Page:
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Presidential Candidates Introduce Game Bill

Potential presidential candidates Senator Evan Bayh of Indiana and Hillary Clinton of New York have introduced the Family Entertainment Protection Act, which prohibits any business from selling or renting a Mature, Adults-Only, or Ratings Pending game to a person who is younger than seventeen. On-site store managers would be subject to a fine of $1,000 or 100 hours of community service for the first offense; $5,000 or 500 hours of community service for each subsequent offense.

The bill also requires an annual, independent analysis of game ratings and requires the Federal Trade Commission to conduct an investigation to determine whether hidden content like in Grand Theft Auto: San Andreas (PS2, Xbox) is a pervasive problem and take appropriate action. In addition, the bill will help ensure that consumers have a mechanism to file complaints with the FTC and that the FTC will report these complaints to Congress. Finally, the bill authorizes the FTC to conduct an annual, random audit of retailers to monitor enforcement and report the findings to Congress.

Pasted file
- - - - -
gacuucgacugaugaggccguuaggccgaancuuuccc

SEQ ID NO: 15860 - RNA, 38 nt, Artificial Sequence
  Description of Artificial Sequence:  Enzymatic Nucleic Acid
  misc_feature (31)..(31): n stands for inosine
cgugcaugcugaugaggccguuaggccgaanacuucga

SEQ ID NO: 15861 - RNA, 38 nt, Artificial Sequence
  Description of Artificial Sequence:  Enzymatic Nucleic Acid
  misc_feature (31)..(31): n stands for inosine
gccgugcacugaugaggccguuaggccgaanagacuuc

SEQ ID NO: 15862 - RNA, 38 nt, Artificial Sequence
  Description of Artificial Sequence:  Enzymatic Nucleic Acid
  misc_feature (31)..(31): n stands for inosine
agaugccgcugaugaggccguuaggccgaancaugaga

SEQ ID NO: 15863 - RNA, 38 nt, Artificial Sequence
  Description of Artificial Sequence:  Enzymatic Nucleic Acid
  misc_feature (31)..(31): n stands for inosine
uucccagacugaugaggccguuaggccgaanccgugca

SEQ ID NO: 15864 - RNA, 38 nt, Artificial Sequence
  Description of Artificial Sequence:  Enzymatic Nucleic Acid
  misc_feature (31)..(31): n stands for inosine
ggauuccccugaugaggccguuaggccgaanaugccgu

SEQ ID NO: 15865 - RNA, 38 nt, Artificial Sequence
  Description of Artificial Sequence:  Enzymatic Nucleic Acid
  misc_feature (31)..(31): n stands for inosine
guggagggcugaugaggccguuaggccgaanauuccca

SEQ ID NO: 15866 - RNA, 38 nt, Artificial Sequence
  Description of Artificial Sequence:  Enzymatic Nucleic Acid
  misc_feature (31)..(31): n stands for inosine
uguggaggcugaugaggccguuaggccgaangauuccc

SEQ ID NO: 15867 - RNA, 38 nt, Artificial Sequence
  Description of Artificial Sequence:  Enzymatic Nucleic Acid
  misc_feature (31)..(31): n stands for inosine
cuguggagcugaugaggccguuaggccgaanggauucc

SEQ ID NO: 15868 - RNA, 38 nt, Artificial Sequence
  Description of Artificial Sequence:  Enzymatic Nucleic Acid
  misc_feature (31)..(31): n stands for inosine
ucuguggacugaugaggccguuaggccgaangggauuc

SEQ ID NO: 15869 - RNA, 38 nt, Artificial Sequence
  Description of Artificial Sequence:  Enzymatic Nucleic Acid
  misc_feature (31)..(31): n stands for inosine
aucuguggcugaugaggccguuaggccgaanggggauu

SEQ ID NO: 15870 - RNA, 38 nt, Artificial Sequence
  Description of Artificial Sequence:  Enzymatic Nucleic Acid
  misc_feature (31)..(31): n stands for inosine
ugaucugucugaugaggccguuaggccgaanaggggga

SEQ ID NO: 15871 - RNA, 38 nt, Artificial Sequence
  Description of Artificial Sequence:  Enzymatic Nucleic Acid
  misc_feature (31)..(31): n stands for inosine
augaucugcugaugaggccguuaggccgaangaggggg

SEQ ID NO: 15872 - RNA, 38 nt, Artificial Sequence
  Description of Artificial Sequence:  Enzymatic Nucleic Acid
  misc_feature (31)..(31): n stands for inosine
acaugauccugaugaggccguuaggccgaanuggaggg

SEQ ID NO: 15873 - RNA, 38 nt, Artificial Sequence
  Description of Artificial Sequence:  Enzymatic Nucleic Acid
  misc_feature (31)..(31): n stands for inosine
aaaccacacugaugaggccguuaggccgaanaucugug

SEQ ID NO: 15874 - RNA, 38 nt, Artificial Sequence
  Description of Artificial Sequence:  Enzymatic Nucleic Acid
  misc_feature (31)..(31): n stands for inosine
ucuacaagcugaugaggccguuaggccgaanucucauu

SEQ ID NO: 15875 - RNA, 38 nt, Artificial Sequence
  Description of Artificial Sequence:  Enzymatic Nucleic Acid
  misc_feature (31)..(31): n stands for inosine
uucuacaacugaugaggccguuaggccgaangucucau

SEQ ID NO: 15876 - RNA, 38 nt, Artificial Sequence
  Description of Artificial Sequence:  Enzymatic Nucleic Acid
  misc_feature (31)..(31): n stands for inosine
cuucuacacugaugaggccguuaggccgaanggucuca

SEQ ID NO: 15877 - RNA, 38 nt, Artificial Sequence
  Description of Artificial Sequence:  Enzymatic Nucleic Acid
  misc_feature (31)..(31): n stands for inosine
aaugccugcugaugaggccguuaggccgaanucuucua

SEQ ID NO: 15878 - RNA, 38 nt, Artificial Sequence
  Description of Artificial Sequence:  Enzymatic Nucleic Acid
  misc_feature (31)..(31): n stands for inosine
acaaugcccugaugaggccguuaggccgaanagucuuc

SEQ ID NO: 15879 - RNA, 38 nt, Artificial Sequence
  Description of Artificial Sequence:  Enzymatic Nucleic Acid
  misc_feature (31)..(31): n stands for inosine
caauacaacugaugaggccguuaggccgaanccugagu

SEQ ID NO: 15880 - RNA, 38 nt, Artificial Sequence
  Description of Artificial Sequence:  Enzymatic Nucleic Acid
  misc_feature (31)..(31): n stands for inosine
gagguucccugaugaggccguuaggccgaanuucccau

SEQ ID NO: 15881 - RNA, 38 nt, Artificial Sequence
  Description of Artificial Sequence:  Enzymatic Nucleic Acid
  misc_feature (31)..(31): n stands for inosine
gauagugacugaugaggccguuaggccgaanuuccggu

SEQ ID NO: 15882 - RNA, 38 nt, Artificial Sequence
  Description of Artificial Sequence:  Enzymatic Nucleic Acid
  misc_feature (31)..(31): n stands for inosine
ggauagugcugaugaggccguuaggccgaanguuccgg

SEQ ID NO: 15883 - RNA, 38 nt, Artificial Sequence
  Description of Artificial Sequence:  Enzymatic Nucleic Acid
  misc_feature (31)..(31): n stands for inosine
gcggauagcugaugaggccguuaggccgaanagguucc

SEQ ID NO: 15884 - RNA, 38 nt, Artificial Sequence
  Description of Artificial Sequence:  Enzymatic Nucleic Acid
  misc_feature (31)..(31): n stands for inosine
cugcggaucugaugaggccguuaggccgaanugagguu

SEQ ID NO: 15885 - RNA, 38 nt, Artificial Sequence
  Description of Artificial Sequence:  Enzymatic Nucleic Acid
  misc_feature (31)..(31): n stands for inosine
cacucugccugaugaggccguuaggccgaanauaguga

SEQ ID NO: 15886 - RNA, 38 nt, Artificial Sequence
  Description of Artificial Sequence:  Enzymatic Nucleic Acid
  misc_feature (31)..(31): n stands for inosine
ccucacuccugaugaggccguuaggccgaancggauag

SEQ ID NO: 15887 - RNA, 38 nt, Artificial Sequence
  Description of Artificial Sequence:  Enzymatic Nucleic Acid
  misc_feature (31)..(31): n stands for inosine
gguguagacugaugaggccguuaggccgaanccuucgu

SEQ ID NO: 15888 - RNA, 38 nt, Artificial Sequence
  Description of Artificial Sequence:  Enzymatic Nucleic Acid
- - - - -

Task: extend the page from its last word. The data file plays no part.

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“Many parents are being stretched thin trying to provide a good life for their children while protecting them from a coarsening culture,” Senator Bayh said. “Our legislation will give parents a hand by requiring retailers to abide by the ratings that are meant to keep children from purchasing violent video games.”

“The holiday season is a particularly important time to raise awareness of this issue. Video games are hot holiday items, and there are certainly wonderful games that help our children learn and increase hand and eye coordination. However, there are also games that are just not appropriate for our nation’s youth,” said Senator Clinton. “This bill will help empower parents by making sure their kids can’t walk into a store and buy a video game that has graphic, violent and pornographic content.”